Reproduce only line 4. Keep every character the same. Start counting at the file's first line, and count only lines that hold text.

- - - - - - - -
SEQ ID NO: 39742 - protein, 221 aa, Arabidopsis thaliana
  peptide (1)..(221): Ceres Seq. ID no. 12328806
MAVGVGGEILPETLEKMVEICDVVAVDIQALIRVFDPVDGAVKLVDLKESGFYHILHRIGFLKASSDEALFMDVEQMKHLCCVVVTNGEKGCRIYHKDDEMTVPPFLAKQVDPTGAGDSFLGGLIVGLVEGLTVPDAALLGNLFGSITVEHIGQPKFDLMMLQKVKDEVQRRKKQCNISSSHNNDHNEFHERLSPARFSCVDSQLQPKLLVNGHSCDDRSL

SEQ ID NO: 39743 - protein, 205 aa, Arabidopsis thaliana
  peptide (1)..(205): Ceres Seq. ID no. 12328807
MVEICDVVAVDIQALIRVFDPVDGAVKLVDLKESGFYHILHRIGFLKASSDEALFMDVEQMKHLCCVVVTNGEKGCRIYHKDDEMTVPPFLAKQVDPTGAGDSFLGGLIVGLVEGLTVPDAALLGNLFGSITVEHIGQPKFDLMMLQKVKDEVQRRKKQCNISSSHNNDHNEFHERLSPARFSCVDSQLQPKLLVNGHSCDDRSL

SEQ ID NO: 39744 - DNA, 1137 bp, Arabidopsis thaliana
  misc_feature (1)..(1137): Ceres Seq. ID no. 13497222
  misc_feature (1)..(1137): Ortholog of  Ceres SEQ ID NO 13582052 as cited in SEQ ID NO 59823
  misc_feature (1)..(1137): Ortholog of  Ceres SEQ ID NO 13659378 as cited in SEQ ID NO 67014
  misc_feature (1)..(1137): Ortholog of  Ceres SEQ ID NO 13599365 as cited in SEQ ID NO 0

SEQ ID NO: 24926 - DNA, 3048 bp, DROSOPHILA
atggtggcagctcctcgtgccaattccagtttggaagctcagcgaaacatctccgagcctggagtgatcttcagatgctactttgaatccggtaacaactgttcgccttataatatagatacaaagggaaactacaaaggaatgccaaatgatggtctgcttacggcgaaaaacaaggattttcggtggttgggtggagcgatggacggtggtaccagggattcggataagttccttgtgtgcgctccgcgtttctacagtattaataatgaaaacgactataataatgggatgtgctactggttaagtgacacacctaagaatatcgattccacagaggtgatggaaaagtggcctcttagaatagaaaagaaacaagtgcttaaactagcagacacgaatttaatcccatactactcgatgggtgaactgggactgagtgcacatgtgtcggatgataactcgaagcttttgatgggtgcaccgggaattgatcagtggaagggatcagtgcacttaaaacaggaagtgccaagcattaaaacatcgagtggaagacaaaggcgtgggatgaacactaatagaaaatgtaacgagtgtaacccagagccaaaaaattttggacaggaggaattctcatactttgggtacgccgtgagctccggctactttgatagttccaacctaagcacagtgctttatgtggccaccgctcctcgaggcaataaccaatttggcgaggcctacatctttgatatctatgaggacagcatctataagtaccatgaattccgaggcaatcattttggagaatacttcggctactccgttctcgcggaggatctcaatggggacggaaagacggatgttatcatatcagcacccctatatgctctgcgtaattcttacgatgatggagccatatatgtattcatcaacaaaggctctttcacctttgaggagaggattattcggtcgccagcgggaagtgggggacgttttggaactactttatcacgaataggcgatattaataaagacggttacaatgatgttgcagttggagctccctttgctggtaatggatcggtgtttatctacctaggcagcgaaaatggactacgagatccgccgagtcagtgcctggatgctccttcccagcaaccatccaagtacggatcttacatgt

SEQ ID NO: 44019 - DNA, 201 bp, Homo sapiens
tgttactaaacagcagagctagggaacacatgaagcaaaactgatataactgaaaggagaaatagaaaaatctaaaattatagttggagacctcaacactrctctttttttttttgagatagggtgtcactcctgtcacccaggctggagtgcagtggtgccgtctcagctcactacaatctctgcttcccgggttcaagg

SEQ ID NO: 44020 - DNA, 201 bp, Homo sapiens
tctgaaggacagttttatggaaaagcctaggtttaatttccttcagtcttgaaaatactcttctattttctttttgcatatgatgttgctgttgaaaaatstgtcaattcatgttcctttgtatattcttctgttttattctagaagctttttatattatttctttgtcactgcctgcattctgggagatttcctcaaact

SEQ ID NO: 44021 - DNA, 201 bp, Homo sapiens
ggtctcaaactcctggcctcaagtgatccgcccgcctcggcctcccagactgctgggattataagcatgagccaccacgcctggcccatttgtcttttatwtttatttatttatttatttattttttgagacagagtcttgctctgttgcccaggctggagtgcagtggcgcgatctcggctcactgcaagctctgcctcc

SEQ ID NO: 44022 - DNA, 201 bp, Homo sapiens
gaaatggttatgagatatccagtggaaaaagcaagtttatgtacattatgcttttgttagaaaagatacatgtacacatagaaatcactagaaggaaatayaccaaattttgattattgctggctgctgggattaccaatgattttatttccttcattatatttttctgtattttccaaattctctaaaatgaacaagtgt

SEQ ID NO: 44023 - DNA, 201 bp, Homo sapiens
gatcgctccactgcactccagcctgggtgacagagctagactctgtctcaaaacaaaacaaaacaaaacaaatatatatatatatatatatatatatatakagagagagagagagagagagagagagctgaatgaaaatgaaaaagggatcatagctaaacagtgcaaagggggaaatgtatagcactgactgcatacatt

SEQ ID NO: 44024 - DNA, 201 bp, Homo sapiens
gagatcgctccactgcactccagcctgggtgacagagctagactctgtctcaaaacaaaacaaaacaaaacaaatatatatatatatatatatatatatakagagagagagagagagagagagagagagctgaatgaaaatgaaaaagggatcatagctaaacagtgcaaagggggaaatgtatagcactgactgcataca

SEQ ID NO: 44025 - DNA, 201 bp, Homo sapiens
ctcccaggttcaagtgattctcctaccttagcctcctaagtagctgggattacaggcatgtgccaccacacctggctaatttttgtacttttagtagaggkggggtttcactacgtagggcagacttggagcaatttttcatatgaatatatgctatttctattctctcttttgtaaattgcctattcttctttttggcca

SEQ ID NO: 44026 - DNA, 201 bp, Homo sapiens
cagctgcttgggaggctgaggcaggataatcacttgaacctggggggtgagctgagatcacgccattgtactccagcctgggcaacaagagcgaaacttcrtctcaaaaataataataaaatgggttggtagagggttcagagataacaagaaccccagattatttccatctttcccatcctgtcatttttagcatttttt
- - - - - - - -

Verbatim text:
SEQ ID NO: 39743 - protein, 205 aa, Arabidopsis thaliana